Being a parent is hard, and nobody cares.
We have been having a teething week going on two teething weeks. I'm not normally bothered by dealing with extra fussing and clinging, since it's nice for someone else to be more fussy and clingy in this relationship for a change, but the baby has been on what I've come to find out is called a “nursing strike.”
A nursing strike is when babies stops nursing abruptly, for reasons the word strike implies are deeply meaningful to them and their communities, but they still need and want milk. How they're still gonna get it is your problem.
Luckily I have a pump, which I've been using night and day to feed my husky almost-10-month-old who throws all the food I cook for her onto the floor, I guess as a protest against corporate greed or the electoral college or something else over my head. I've been setting alarms to remember when I have to, and it feels an awful lot like I have a newborn again. I also look like I have a newborn again, and so does my baby.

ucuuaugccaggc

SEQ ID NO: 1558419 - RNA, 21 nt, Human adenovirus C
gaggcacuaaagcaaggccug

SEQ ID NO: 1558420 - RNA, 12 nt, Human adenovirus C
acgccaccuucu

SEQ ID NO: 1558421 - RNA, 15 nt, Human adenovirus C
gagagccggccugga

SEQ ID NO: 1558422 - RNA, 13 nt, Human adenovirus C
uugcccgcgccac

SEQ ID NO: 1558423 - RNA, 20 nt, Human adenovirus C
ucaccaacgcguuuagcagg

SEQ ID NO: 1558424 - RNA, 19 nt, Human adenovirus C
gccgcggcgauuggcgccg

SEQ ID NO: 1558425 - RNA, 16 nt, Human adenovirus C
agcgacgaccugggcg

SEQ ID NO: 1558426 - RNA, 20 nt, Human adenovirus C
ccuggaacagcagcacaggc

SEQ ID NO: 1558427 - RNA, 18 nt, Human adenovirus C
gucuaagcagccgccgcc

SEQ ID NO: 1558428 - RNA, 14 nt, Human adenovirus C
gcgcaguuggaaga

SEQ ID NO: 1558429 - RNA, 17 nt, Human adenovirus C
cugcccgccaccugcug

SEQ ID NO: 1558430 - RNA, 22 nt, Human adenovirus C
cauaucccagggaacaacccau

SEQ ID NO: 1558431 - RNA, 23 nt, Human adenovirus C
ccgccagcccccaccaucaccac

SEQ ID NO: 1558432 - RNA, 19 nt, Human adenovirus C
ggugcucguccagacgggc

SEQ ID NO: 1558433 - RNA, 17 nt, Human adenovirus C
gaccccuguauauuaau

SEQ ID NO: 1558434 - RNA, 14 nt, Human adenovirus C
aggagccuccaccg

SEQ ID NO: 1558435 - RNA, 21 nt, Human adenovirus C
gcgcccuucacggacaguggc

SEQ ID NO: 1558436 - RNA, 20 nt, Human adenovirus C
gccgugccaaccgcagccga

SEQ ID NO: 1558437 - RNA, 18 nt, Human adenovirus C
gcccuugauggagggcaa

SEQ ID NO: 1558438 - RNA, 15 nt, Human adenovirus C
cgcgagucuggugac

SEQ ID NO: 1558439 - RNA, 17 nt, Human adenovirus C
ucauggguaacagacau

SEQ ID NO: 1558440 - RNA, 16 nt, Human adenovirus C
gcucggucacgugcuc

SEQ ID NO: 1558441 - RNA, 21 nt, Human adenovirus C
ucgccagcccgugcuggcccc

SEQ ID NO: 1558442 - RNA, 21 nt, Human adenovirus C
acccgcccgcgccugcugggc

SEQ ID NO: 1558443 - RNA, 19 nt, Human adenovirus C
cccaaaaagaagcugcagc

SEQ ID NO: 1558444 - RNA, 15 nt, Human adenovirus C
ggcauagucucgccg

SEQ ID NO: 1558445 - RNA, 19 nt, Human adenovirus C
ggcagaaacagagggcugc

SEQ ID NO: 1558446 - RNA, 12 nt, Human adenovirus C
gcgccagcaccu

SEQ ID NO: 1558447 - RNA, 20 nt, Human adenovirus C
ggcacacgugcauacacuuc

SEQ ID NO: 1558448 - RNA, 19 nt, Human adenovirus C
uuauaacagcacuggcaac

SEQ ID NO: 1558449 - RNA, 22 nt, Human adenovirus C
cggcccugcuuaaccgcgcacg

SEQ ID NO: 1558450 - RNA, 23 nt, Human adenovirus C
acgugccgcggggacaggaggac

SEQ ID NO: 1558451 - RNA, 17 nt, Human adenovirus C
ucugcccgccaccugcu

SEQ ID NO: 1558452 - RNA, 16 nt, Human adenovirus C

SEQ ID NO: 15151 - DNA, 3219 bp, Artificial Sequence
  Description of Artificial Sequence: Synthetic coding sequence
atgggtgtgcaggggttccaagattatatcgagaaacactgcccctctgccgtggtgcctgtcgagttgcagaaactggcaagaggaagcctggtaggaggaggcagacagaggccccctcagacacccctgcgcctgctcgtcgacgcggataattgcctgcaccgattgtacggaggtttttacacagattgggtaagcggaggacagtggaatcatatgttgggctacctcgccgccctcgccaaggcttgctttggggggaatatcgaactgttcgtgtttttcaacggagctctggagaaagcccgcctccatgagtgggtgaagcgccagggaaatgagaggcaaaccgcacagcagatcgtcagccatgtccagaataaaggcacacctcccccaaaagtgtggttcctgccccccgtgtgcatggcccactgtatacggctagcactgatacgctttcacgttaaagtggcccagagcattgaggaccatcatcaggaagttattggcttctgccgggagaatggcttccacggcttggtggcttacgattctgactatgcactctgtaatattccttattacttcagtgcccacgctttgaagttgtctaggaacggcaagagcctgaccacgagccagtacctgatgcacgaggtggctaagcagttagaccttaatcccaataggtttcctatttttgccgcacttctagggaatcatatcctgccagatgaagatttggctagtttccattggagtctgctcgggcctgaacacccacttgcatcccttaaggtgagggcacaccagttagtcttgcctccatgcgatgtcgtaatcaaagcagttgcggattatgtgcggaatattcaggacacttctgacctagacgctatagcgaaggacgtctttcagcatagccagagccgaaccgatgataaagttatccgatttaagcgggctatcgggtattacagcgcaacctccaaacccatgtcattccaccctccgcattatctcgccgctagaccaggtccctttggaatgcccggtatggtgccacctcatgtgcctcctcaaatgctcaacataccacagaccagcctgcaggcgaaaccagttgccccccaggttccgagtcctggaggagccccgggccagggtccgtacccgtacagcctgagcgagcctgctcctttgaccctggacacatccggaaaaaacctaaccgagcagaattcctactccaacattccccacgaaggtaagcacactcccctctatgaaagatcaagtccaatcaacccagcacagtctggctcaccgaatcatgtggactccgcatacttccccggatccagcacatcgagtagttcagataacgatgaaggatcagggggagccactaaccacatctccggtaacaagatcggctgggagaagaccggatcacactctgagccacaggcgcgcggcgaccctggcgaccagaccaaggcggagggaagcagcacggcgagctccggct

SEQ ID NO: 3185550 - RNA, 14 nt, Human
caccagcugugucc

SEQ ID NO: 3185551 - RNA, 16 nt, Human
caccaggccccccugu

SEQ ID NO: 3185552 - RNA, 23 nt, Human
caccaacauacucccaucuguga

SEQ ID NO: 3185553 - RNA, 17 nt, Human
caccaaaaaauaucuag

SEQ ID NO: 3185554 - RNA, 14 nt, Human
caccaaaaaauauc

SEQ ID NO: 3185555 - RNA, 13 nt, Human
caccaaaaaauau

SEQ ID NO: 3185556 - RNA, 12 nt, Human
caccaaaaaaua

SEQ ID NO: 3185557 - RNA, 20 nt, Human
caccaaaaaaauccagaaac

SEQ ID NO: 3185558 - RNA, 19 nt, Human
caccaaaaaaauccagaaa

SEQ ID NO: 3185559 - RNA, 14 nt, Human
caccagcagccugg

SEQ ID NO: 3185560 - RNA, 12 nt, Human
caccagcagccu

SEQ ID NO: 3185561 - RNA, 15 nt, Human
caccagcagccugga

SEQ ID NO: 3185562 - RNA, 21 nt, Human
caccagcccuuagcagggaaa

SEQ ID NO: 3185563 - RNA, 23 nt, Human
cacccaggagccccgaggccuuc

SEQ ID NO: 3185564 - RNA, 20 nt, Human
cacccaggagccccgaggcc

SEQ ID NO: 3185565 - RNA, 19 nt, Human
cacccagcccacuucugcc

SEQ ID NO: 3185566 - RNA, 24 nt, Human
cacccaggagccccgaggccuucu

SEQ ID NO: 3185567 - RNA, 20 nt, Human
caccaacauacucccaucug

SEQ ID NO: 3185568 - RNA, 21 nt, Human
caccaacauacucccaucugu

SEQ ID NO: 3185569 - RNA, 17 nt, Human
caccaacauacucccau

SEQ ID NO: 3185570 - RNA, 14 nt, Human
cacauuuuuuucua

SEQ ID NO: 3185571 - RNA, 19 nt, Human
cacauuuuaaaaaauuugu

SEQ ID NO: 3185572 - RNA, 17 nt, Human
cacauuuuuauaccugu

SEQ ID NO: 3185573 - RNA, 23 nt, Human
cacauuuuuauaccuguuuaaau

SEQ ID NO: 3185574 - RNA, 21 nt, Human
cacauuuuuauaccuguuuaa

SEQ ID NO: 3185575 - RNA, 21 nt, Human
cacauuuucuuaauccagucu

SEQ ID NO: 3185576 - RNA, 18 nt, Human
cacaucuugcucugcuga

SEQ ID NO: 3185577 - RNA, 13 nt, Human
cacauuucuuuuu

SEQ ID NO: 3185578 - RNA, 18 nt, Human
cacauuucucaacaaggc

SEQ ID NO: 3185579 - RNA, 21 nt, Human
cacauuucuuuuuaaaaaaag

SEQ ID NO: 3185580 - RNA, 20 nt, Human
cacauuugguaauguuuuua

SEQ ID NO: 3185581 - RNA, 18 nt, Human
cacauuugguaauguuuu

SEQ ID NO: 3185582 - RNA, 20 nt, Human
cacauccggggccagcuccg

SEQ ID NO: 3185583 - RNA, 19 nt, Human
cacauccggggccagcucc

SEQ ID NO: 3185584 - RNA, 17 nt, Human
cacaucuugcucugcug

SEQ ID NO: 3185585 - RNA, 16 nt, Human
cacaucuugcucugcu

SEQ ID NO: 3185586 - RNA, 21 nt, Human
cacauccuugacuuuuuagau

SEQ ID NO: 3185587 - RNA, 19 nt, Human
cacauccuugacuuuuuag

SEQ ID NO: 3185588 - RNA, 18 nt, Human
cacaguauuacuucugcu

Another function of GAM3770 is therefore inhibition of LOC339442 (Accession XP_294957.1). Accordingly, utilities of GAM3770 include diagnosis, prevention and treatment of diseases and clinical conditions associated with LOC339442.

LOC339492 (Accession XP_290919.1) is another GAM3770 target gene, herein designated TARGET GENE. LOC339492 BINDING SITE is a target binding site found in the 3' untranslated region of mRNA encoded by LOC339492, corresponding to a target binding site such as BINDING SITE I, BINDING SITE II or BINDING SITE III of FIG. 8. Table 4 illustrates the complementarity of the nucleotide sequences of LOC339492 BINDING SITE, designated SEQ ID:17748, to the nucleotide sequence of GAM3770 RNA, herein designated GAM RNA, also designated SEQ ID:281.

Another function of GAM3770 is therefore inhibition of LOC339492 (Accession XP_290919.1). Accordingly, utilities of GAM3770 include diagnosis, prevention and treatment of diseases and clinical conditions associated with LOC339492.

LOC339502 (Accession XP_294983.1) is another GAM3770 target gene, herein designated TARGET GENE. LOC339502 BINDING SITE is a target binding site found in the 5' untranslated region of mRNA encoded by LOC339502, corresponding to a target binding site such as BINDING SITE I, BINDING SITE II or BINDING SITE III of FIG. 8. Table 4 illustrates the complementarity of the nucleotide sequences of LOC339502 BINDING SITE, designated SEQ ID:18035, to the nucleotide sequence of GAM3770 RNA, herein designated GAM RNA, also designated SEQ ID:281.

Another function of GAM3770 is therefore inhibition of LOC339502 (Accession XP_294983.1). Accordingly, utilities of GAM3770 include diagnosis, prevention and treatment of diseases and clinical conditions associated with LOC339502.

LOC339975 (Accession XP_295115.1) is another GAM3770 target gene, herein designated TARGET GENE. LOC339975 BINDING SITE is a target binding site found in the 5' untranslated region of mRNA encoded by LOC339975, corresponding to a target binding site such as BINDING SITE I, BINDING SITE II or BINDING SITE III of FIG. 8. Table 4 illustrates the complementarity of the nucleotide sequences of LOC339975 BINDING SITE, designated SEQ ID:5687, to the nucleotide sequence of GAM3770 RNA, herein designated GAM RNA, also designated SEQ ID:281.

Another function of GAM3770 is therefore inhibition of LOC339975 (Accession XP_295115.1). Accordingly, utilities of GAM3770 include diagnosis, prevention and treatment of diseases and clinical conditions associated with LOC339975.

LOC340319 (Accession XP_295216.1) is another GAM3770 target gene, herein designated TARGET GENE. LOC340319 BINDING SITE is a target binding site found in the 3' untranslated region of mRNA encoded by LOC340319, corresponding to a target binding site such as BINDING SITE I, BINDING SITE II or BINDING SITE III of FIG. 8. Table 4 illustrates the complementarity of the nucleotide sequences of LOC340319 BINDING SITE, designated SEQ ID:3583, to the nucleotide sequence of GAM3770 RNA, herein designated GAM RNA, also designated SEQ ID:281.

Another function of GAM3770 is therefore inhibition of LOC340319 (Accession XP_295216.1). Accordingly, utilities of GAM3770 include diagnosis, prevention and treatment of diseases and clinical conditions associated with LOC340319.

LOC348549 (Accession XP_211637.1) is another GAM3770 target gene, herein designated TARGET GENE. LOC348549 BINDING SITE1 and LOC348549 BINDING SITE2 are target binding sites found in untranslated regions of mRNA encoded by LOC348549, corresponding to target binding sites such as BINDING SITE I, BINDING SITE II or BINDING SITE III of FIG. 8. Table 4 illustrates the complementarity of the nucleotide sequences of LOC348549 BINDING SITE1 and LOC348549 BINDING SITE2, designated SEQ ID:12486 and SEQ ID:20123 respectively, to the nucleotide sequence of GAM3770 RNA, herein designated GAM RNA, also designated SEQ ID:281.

Clothing is always optional at my house, but now it is a relic of simpler times, and my husband asked the other day if the fact that we can't find her comb is a sign of bad parenting.
“Is the fact that we can't find her comb a sign of bad parenting?”
Nursing moms like to be self-righteous about the time they put in and sacrifices they make to feed their children, but breastfeeding is way easier than pumping or using formula. I mean, I put so little thought into feeding my baby that I don't even know how much milk she needs. I have to like, measure things in the middle of the night? This is too much.
There seems to be a direct correlation between the percentage of my day I spend crying in frustration while thinking of worst-case scenarios and how much I enjoy motherhood. I was in a bit of a funk last week when I spent all day just trying to get her to nurse, but since I stopped trying so hard we’re both a lot happier.
This seems to be a lesson I have to learn a lot.